When you're ready to record, you select the voice (1 to 8) and can then enter the pitch information in two ways, either by playing the notes on the synth keyboard or by typing them in using the Spectrum's Qwerty keyboard. At this stage it IS just pitch information. No matter how you play, the programme will remember everything in metronomic step time. The desired timing has to be edited in at a later date.

Once you've played as many notes as you want, the Spectrum can then display them in a table, giving each note a number and a pitch – 4A, 2C etc. Annoyingly the German programmers haven't bothered to change from their own, erratic method of score writing, so you have to adjust to B natural being shown as an H.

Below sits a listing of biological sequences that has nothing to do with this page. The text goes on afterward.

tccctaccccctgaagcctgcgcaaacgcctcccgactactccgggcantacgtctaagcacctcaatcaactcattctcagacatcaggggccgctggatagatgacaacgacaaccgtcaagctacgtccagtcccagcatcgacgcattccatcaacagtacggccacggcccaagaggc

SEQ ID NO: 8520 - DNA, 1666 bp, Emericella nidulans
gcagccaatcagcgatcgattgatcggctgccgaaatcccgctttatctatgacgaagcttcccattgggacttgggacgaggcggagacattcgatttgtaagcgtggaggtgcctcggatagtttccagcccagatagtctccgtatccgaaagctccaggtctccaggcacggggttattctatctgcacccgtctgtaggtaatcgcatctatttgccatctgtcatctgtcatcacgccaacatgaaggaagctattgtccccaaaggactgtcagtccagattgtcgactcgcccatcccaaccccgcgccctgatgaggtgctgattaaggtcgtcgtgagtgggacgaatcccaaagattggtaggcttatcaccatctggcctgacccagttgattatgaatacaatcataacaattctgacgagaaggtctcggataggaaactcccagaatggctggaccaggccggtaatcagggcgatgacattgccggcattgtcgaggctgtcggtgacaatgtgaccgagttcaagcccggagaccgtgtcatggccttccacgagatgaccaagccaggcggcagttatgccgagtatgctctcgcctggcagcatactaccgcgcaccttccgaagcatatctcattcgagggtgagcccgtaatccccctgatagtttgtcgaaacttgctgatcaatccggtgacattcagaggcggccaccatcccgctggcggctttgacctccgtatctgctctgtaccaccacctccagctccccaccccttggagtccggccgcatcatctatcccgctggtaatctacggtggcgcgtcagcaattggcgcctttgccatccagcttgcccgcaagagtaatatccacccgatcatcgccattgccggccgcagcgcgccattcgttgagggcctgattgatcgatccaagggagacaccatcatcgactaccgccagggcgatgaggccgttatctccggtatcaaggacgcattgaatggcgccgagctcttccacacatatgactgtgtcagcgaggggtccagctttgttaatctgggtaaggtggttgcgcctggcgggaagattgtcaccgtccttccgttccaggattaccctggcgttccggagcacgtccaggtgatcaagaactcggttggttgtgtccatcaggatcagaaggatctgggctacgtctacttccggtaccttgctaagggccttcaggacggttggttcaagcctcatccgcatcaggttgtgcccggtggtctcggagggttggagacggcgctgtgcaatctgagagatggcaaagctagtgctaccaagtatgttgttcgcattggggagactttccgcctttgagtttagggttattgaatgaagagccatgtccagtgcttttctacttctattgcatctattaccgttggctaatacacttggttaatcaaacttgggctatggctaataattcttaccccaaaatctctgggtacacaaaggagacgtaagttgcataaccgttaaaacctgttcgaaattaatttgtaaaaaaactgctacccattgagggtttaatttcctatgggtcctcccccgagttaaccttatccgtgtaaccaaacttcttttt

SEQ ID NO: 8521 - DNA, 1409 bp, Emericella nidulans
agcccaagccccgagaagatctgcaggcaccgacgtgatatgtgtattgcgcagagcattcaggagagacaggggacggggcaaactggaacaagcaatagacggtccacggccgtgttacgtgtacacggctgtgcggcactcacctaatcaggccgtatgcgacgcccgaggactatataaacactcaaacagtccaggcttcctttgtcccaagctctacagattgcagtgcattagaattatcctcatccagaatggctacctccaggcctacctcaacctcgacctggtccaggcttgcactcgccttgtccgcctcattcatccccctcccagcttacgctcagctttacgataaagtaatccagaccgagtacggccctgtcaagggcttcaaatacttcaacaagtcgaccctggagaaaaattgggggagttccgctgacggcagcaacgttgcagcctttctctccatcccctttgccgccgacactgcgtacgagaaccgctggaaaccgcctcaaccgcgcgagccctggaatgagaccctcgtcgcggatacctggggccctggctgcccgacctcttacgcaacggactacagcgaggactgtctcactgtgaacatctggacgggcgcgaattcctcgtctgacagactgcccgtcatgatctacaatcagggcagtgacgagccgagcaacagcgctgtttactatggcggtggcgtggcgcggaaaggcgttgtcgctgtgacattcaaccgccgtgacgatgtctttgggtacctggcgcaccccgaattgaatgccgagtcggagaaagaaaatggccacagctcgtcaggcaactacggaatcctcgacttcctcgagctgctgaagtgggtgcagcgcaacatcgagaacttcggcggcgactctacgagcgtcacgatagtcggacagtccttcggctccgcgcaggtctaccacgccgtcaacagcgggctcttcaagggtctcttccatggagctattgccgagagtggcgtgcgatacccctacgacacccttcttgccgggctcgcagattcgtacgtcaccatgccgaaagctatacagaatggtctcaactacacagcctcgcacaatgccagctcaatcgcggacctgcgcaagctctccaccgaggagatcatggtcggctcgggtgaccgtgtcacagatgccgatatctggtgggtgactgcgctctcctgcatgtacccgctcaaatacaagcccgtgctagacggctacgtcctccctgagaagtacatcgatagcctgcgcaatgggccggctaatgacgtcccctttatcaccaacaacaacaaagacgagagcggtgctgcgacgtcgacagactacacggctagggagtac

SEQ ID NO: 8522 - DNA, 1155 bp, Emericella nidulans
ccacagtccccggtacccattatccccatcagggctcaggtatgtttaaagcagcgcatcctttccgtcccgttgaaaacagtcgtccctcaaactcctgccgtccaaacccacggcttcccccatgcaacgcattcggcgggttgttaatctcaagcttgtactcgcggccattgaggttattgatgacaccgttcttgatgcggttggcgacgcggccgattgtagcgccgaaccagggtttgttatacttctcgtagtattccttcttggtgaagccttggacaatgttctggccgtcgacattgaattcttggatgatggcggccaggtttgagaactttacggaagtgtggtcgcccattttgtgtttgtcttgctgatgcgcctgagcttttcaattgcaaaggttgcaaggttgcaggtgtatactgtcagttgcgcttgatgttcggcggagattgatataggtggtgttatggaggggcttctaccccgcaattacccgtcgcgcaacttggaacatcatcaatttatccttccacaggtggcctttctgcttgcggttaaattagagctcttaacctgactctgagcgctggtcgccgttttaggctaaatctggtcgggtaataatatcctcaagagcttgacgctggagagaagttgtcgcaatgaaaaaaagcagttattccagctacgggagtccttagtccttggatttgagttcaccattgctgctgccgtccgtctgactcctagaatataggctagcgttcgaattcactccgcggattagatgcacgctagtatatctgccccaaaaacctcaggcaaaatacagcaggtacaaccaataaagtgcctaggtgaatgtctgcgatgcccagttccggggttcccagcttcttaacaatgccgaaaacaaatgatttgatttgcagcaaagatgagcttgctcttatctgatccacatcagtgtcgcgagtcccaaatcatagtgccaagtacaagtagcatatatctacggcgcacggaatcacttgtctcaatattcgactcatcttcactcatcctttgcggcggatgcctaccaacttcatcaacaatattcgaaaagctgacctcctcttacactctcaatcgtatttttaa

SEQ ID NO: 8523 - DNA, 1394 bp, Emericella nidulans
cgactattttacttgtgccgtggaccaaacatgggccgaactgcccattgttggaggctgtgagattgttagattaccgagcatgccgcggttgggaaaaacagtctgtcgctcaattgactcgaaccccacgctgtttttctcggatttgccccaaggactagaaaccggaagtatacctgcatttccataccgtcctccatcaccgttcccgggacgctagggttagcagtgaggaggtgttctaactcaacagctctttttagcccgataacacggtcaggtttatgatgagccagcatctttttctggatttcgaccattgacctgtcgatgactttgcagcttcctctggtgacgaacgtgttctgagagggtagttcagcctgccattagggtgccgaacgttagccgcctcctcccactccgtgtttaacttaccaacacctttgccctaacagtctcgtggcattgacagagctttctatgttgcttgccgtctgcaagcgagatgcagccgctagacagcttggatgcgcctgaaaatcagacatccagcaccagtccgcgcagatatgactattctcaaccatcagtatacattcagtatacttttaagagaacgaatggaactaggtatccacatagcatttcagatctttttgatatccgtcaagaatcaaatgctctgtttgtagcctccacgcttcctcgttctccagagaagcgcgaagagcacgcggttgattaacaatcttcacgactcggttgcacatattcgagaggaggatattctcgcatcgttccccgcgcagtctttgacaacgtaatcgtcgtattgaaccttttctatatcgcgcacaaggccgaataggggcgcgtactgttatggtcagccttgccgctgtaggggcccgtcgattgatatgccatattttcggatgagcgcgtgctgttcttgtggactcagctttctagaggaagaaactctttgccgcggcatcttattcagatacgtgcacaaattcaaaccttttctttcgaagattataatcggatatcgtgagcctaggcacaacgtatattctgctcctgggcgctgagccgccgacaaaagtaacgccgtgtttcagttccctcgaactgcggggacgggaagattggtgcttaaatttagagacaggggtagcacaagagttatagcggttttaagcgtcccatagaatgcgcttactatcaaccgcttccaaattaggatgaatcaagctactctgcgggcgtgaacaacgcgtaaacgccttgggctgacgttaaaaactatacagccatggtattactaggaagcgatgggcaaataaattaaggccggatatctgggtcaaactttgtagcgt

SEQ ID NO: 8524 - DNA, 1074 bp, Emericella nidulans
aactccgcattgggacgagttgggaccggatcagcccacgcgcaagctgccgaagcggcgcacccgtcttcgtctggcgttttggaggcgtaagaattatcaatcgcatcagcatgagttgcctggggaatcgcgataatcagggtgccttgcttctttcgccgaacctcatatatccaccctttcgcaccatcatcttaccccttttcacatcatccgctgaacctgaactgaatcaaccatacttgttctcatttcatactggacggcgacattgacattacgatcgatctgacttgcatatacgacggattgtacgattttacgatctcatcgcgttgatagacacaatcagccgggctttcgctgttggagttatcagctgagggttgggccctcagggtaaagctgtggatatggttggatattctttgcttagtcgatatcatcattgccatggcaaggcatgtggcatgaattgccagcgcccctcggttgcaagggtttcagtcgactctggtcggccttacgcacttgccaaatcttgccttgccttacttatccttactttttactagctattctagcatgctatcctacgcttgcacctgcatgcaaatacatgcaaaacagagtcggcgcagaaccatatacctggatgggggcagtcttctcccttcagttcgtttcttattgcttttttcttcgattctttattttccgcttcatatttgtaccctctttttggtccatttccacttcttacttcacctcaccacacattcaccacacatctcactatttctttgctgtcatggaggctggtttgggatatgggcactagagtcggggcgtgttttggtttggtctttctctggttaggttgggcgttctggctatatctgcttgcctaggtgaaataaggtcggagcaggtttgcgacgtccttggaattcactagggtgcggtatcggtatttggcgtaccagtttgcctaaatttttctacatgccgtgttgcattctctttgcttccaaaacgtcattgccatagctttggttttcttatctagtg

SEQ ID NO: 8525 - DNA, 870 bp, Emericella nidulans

Also in the table is a graphic representation of the timing of each note (quaver, semi-breve etc) and its duration (referred to in synth terms as gate time). A final column lets you determine the volume, providing the synth you're connected to can cope with dynamic information. A DX7 could. Strangely there seems no way of altering the overall volume of each channel – no faders on this mixing desk.

Automatic default values set the timing at a quaver and the gate time at 50 per cent. The programme has been written so that the keys in the top row of the Spectrum's keyboard call up the standard note times from semi-breves to demisemi-quavers with rests and triplets found elsewhere among the letters.

Jellinghaus insert bar marks for you as horizontal lines, dividing up the list of notes. If you change a note time, the measure marks are shuffled along to take account of it so all the bars still add up to the proper number of beats.

Arpeggiator programme